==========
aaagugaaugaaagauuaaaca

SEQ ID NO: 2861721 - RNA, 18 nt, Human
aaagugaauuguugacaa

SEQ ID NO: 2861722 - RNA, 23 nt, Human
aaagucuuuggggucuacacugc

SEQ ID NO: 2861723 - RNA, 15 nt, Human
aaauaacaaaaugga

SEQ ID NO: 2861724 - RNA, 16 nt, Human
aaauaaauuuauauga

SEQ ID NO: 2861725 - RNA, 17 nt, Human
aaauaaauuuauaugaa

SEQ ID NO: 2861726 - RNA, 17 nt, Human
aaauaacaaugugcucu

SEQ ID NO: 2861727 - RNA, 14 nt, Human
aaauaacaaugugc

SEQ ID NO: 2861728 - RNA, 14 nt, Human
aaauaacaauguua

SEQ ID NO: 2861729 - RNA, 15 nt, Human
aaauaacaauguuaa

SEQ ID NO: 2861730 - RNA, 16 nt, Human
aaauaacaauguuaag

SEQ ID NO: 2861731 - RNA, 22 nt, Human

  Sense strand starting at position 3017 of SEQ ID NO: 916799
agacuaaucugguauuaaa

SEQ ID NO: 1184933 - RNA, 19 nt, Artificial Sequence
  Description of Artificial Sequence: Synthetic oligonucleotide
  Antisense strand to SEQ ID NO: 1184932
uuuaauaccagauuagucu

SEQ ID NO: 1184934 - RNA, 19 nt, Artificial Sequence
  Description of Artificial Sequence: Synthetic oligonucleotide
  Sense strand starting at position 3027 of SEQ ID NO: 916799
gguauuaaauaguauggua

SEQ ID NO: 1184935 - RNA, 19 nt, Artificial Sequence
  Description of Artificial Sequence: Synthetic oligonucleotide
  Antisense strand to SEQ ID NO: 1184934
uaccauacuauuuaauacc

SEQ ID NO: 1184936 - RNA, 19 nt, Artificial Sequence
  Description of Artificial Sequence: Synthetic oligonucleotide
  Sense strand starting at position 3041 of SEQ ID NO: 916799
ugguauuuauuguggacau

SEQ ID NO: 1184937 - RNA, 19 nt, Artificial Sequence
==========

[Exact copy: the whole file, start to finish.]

aaagugaaugaaagauuaaaca

SEQ ID NO: 2861721 - RNA, 18 nt, Human
aaagugaauuguugacaa

SEQ ID NO: 2861722 - RNA, 23 nt, Human
aaagucuuuggggucuacacugc

SEQ ID NO: 2861723 - RNA, 15 nt, Human
aaauaacaaaaugga

SEQ ID NO: 2861724 - RNA, 16 nt, Human
aaauaaauuuauauga

SEQ ID NO: 2861725 - RNA, 17 nt, Human
aaauaaauuuauaugaa

SEQ ID NO: 2861726 - RNA, 17 nt, Human
aaauaacaaugugcucu

SEQ ID NO: 2861727 - RNA, 14 nt, Human
aaauaacaaugugc

SEQ ID NO: 2861728 - RNA, 14 nt, Human
aaauaacaauguua

SEQ ID NO: 2861729 - RNA, 15 nt, Human
aaauaacaauguuaa

SEQ ID NO: 2861730 - RNA, 16 nt, Human
aaauaacaauguuaag

SEQ ID NO: 2861731 - RNA, 22 nt, Human

  Sense strand starting at position 3017 of SEQ ID NO: 916799
agacuaaucugguauuaaa

SEQ ID NO: 1184933 - RNA, 19 nt, Artificial Sequence
  Description of Artificial Sequence: Synthetic oligonucleotide
  Antisense strand to SEQ ID NO: 1184932
uuuaauaccagauuagucu

SEQ ID NO: 1184934 - RNA, 19 nt, Artificial Sequence
  Description of Artificial Sequence: Synthetic oligonucleotide
  Sense strand starting at position 3027 of SEQ ID NO: 916799
gguauuaaauaguauggua

SEQ ID NO: 1184935 - RNA, 19 nt, Artificial Sequence
  Description of Artificial Sequence: Synthetic oligonucleotide
  Antisense strand to SEQ ID NO: 1184934
uaccauacuauuuaauacc

SEQ ID NO: 1184936 - RNA, 19 nt, Artificial Sequence
  Description of Artificial Sequence: Synthetic oligonucleotide
  Sense strand starting at position 3041 of SEQ ID NO: 916799
ugguauuuauuguggacau

SEQ ID NO: 1184937 - RNA, 19 nt, Artificial Sequence